Biden to nominate history-making Air Force fighter pilot for next Joint Chiefs chairman

FILE - Charles Quinton Brown Jr, U.S. general and chief of staff of the United States Air Force, smiles during his visit from Tactical Air Wing 73 "Steinhoff." (Monika Skolimowska/picture alliance via Getty Images)

President Joe Biden will announce Thursday that he is tapping a history-making Air Force fighter pilot with years of experience in shaping U.S. defenses to meet China’s rise to serve as the nation’s next top military officer, according to a senior administration official.

The nomination of Air Force Gen. CQ Brown Jr. has been long expected. If confirmed by the Senate, he would replace the current chairman of the Joint Chiefs of Staff, Army Gen. Mark Milley, whose term ends in October. The official, who was not authorized to publicly comment, requested anonymity to preview the announcement.

Biden is expected to unveil Brown as his pick during a Rose Garden event on Thursday afternoon, the official said.

Brown's confirmation would mean that, for the first time, both the Pentagon’s top military and civilian positions would be held by African Americans. Defense Secretary Lloyd Austin, the first Black Pentagon chief, has been in the job since the beginning of the administration. The only other Black person to serve as Joint Chiefs chairman was Army Gen. Colin Powell.

Biden saw Brown as the right person for the job because of his work modernizing the U.S. fleet of aircraft and its nuclear arsenal. He's also been deep in the Pentagon's efforts to equip Ukraine with billions of dollars in U.S. weaponry, the official said.

Brown is a career F-16 fighter pilot with more than 3,000 flight hours and command experience at all levels. He has broken barriers throughout his career. He served as the military’s first Black Pacific Air Forces commander, where he led the nation’s air strategy to counter China in the Indo-Pacific as Beijing rapidly militarized islands in the South China Sea and tested its bomber reach with flights near Guam.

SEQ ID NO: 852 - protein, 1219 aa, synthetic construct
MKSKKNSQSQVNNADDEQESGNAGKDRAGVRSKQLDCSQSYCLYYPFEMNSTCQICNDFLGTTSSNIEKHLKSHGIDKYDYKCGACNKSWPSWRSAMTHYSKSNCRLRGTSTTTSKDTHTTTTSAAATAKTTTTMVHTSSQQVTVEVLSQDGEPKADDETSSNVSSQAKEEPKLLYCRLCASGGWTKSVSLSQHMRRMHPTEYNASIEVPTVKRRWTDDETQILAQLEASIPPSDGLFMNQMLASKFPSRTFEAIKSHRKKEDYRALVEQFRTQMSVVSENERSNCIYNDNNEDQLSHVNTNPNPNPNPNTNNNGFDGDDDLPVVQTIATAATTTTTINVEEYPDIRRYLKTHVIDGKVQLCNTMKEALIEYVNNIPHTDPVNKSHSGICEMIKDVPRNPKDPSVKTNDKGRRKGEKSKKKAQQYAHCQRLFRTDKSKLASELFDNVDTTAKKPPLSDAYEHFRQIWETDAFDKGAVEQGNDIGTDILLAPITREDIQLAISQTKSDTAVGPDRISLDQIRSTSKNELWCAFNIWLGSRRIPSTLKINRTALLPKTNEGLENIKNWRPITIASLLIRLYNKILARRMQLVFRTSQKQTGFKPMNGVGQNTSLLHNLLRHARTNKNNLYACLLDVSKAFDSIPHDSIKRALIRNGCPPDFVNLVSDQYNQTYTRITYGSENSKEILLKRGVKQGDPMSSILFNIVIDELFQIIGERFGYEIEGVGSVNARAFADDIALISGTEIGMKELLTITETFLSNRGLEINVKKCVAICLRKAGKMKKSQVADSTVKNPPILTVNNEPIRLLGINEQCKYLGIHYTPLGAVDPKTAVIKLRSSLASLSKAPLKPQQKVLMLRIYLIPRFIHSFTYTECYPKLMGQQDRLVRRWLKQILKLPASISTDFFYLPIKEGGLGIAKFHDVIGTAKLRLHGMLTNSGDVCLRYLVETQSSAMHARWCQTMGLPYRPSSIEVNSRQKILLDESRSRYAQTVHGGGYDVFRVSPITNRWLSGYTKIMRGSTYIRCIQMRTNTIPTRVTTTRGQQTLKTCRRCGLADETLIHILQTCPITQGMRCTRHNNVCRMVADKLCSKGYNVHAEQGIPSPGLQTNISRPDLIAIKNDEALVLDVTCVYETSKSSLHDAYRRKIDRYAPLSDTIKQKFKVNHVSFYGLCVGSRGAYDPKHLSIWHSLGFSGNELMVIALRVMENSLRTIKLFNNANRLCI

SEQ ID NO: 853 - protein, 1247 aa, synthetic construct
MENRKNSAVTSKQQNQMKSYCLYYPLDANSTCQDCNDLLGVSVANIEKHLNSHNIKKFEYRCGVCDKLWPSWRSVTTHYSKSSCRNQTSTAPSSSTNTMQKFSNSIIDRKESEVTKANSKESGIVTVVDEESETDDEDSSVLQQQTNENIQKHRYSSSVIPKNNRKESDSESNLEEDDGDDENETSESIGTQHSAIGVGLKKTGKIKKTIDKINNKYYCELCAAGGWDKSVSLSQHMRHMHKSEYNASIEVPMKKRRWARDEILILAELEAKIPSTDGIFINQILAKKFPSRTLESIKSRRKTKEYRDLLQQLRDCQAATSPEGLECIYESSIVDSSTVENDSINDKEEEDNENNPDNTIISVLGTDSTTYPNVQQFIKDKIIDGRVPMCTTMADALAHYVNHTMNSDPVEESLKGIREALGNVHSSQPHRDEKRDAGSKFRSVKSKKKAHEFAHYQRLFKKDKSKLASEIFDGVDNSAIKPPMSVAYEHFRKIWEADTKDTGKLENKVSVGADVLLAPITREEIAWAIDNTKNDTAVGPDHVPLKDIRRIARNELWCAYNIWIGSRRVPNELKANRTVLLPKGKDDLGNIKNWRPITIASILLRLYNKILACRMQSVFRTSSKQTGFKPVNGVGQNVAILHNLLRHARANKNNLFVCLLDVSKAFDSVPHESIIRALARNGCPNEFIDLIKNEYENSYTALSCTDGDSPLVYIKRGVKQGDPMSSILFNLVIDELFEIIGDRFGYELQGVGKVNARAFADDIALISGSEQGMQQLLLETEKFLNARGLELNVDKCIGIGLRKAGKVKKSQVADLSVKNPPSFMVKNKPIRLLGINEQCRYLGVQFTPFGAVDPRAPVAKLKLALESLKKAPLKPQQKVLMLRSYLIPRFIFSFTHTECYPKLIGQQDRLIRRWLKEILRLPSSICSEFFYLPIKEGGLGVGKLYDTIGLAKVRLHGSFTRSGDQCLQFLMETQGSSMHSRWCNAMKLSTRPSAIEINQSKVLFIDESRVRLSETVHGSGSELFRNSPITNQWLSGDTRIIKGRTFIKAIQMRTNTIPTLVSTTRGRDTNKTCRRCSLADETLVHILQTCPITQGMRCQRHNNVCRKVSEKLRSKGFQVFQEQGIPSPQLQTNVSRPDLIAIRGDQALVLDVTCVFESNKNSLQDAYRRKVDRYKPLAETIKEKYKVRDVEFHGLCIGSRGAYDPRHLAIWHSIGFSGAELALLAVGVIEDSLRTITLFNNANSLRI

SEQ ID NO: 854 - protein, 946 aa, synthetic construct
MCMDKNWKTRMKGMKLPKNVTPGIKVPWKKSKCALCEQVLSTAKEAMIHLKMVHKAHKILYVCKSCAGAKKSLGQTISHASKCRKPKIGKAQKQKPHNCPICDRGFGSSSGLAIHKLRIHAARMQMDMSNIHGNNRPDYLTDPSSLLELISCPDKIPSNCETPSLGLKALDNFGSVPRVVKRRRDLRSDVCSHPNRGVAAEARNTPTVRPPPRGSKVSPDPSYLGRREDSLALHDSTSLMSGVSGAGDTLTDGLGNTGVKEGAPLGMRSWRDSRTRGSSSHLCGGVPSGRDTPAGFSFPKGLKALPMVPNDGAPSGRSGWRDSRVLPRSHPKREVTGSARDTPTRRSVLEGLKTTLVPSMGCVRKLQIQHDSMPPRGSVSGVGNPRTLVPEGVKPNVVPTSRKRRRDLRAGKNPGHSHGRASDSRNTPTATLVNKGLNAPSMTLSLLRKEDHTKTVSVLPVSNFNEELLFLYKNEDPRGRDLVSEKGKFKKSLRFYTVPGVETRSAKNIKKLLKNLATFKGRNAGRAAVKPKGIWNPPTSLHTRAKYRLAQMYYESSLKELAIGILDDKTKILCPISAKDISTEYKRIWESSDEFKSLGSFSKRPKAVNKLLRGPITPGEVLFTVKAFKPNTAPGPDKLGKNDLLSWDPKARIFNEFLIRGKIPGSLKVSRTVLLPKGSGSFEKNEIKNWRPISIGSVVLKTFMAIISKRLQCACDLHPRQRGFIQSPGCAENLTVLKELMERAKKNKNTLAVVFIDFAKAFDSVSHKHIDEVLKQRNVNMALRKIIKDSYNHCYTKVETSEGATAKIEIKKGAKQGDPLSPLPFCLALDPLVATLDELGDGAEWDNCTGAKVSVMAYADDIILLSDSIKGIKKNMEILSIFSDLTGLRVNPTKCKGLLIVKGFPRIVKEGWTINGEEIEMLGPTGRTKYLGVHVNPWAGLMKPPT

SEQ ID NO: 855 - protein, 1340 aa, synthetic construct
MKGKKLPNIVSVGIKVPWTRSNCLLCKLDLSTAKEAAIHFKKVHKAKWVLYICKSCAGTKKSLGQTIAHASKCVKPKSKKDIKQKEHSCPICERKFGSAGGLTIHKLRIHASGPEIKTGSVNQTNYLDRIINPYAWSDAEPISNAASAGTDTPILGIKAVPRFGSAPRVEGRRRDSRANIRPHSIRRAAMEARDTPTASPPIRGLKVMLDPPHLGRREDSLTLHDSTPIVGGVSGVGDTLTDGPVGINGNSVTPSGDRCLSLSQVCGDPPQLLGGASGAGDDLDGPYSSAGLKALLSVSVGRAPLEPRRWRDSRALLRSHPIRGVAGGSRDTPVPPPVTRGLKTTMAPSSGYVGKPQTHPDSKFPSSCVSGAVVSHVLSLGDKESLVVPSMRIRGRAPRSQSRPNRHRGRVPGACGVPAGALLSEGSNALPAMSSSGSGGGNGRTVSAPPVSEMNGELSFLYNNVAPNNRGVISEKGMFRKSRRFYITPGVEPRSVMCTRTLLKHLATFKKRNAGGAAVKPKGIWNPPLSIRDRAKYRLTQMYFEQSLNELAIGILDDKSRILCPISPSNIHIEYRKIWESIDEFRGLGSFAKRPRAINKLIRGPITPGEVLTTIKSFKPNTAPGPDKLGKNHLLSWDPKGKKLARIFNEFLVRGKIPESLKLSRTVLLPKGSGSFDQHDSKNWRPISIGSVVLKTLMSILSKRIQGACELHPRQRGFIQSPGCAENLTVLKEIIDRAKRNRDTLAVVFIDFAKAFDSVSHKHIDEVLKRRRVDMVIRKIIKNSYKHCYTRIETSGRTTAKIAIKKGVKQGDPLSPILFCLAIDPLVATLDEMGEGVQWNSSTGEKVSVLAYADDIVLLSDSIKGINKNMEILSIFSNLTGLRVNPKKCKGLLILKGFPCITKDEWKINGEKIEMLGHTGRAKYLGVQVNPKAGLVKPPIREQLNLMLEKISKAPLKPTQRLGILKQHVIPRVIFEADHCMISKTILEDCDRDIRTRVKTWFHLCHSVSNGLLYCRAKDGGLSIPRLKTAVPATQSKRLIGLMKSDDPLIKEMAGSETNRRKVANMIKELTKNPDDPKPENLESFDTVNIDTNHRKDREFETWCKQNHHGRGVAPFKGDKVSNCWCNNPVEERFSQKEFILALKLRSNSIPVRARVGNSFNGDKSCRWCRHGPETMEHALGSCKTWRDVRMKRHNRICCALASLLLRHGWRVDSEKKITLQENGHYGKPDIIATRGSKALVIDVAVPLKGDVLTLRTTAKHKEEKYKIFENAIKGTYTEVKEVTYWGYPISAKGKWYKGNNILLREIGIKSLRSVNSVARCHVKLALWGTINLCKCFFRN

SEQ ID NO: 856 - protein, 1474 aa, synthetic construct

Three years ago he became the first Black Air Force chief of staff, the service’s top military officer, which also made him the first African American to lead any of the military branches.

For the last year Brown has been widely viewed as the frontrunner to replace Milley, as the Pentagon shifts from preparing for the major land wars of the past to deterring a potential future conflict with Beijing.


FILE - Charles Quinton Brown Jr, U.S. general and chief of staff of the United States Air Force, sits in the cabin before flying the Eurofighter Typhoon fighter aircraft.  (Monika Skolimowska/picture alliance via Getty Images)

That effort could depend heavily upon the military’s ability to rapidly meet China’s rise in cyberwar, space, nuclear weapons and hypersonics, all areas Brown has sharply focused on for the last several years as the Air Force’s top military leader, in order to modernize U.S. airpower for a 21st century fight.

Brown’s confirmation, however, could be delayed. Alabama Republican Sen. Tommy Tuberville has been blocking military nominations due to his objections over the Pentagon’s policy that provides travel funds and support for troops and dependents to seek a range of reproductive health care, including abortions, if they are based in states where they are now illegal.

The Joint Chiefs chairman is the highest-ranking officer in the country and serves as the senior military adviser to the president, the defense secretary and the National Security Council. The chairman commands no troops and is not formally in the chain of command. But the chairman plays a critical role in all major military issues, from policy decisions to advice on major combat operations, and leads meetings with all the joint chiefs who head the various armed services.

As Air Force chief, Brown has pushed to modernize U.S. nuclear capabilities, including the soon-to-fly next-generation stealth bomber, and led the effort to shed aging warplanes so there’s funding to move forward with a new fleet of unmanned systems. He’s also supported the development of the U.S. Space Force, which received many of its first Guardians and capabilities from the Air Force.

Associated Press writer Aamer Madhani contributed reporting.